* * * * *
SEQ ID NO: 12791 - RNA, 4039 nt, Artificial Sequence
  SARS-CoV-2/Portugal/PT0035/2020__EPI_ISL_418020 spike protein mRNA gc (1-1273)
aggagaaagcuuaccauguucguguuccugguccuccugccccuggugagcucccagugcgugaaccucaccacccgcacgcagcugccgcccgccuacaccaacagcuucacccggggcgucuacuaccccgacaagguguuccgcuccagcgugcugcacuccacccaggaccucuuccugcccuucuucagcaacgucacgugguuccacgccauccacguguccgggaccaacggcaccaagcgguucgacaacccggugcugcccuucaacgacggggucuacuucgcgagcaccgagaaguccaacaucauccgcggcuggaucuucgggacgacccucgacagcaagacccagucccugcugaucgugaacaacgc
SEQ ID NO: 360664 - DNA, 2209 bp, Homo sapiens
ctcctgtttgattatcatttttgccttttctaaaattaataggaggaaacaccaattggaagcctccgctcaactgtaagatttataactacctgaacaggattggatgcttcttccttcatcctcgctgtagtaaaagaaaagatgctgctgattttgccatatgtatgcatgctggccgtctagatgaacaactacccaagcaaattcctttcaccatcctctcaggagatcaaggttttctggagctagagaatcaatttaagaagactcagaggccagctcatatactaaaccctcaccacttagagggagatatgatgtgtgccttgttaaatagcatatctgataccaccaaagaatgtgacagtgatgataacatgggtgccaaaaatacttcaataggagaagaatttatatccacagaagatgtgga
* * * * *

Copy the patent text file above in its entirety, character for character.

SEQ ID NO: 12791 - RNA, 4039 nt, Artificial Sequence
  SARS-CoV-2/Portugal/PT0035/2020__EPI_ISL_418020 spike protein mRNA gc (1-1273)
aggagaaagcuuaccauguucguguuccugguccuccugccccuggugagcucccagugcgugaaccucaccacccgcacgcagcugccgcccgccuacaccaacagcuucacccggggcgucuacuaccccgacaagguguuccgcuccagcgugcugcacuccacccaggaccucuuccugcccuucuucagcaacgucacgugguuccacgccauccacguguccgggaccaacggcaccaagcgguucgacaacccggugcugcccuucaacgacggggucuacuucgcgagcaccgagaaguccaacaucauccgcggcuggaucuucgggacgacccucgacagcaagacccagucccugcugaucgugaacaacgc
SEQ ID NO: 360664 - DNA, 2209 bp, Homo sapiens
ctcctgtttgattatcatttttgccttttctaaaattaataggaggaaacaccaattggaagcctccgctcaactgtaagatttataactacctgaacaggattggatgcttcttccttcatcctcgctgtagtaaaagaaaagatgctgctgattttgccatatgtatgcatgctggccgtctagatgaacaactacccaagcaaattcctttcaccatcctctcaggagatcaaggttttctggagctagagaatcaatttaagaagactcagaggccagctcatatactaaaccctcaccacttagagggagatatgatgtgtgccttgttaaatagcatatctgataccaccaaagaatgtgacagtgatgataacatgggtgccaaaaatacttcaataggagaagaatttatatccacagaagatgtgga